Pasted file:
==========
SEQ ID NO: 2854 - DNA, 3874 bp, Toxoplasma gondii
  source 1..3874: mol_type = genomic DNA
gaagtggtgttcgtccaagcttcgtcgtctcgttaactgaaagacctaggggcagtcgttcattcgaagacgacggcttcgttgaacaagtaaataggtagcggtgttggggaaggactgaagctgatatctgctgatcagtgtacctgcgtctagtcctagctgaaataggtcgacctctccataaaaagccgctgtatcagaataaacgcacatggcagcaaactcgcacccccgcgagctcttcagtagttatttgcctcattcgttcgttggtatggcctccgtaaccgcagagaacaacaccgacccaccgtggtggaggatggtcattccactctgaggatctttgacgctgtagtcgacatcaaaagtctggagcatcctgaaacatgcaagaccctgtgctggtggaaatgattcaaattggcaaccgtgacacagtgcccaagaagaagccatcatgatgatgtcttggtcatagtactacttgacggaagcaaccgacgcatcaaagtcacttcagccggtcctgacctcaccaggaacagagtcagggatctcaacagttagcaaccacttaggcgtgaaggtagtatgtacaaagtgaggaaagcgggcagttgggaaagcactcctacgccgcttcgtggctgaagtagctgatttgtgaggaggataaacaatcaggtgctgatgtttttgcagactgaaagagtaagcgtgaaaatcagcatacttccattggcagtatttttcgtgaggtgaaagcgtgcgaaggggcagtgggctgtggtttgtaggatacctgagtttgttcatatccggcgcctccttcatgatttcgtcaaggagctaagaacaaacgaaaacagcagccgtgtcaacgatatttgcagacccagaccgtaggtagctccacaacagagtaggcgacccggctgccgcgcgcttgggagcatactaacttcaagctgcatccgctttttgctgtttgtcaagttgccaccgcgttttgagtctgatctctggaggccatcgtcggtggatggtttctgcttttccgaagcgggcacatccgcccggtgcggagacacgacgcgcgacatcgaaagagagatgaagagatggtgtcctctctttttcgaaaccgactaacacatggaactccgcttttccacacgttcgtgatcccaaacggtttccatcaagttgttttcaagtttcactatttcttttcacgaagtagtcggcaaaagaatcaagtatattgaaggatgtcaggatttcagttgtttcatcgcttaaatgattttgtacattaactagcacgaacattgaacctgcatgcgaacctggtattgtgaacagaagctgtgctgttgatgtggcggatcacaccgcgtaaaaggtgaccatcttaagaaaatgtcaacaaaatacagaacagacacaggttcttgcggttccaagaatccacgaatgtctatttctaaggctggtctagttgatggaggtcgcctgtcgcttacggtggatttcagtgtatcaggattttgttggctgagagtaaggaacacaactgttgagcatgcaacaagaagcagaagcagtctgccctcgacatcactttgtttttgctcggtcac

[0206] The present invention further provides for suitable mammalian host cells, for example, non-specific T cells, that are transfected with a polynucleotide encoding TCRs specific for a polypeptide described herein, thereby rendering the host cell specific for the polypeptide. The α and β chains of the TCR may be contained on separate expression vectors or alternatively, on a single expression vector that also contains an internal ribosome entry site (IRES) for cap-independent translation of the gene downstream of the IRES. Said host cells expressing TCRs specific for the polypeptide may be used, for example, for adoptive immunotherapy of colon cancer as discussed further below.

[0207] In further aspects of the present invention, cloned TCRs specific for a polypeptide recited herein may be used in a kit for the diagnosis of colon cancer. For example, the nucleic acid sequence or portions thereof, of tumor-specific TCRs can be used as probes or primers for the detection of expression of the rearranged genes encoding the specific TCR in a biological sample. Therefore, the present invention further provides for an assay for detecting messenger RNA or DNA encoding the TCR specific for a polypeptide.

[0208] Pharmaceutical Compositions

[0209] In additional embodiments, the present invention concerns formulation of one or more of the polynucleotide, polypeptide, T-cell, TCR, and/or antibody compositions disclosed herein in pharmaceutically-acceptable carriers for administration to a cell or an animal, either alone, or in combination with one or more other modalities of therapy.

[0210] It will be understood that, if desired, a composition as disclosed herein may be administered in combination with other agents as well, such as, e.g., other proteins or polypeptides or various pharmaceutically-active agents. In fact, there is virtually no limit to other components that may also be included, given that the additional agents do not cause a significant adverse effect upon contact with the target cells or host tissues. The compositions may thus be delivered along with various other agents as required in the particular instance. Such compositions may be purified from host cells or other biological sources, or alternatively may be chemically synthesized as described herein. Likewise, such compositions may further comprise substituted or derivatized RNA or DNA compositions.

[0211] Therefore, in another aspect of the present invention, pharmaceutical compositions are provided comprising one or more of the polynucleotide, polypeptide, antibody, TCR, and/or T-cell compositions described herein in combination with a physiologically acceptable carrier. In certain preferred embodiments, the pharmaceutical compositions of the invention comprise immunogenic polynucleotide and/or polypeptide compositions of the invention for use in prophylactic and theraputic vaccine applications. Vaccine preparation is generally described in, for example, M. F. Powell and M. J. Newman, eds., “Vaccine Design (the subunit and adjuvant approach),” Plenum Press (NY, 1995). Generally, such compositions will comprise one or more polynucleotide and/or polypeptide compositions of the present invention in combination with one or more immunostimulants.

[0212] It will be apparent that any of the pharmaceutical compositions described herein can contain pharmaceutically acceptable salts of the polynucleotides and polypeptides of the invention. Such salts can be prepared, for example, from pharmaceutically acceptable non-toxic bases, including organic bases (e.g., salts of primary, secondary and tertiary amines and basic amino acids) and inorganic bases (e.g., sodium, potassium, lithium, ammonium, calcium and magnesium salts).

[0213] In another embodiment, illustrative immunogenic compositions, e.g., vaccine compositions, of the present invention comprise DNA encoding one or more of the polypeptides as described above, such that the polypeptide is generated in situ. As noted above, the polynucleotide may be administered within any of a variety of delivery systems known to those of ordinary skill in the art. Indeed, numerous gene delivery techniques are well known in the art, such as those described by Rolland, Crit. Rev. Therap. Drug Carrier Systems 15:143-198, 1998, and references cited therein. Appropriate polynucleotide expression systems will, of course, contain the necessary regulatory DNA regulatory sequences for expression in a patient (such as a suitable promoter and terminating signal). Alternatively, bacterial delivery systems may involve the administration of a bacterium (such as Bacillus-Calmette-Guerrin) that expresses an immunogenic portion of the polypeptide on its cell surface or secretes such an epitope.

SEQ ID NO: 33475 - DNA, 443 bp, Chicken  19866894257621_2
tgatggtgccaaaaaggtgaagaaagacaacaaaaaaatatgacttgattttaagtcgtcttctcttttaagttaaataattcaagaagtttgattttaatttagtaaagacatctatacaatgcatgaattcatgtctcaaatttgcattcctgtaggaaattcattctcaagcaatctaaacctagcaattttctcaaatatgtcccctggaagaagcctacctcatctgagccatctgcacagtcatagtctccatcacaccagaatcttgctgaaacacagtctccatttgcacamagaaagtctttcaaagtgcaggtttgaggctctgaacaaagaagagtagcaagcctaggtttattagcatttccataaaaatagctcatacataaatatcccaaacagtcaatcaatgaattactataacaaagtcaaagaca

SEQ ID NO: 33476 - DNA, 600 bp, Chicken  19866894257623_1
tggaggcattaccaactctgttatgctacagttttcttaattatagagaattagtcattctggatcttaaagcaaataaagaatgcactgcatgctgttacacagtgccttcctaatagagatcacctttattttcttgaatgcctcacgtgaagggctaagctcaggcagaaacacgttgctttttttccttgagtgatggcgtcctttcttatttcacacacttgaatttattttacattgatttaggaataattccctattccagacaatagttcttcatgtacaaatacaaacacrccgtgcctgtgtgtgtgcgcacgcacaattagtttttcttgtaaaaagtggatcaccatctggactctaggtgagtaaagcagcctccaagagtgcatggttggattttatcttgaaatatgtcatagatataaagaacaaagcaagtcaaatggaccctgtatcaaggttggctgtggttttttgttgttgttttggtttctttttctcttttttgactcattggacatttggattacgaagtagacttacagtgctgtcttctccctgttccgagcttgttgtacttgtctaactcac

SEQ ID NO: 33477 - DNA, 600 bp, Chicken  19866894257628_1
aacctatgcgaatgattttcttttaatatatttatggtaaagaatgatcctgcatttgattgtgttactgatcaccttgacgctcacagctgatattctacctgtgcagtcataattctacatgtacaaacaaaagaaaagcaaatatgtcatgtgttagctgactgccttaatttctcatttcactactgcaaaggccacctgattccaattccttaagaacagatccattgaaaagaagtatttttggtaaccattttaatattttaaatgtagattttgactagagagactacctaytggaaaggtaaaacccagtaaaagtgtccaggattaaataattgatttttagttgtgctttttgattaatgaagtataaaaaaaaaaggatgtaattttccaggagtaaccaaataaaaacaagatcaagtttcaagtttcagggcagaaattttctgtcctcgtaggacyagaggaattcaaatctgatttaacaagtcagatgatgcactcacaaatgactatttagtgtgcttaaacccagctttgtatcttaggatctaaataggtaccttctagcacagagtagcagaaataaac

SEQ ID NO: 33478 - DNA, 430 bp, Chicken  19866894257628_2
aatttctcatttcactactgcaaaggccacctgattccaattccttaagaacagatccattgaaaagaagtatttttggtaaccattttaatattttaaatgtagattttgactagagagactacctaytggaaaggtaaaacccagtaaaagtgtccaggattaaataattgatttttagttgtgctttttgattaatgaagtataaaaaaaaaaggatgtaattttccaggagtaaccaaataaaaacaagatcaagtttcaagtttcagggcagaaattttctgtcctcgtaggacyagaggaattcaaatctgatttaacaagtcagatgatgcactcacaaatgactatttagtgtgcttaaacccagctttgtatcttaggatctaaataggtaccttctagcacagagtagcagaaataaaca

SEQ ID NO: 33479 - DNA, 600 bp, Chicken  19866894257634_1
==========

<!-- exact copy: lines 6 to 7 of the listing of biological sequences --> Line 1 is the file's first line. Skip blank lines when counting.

[0208] Pharmaceutical Compositions

[0209] In additional embodiments, the present invention concerns formulation of one or more of the polynucleotide, polypeptide, T-cell, TCR, and/or antibody compositions disclosed herein in pharmaceutically-acceptable carriers for administration to a cell or an animal, either alone, or in combination with one or more other modalities of therapy.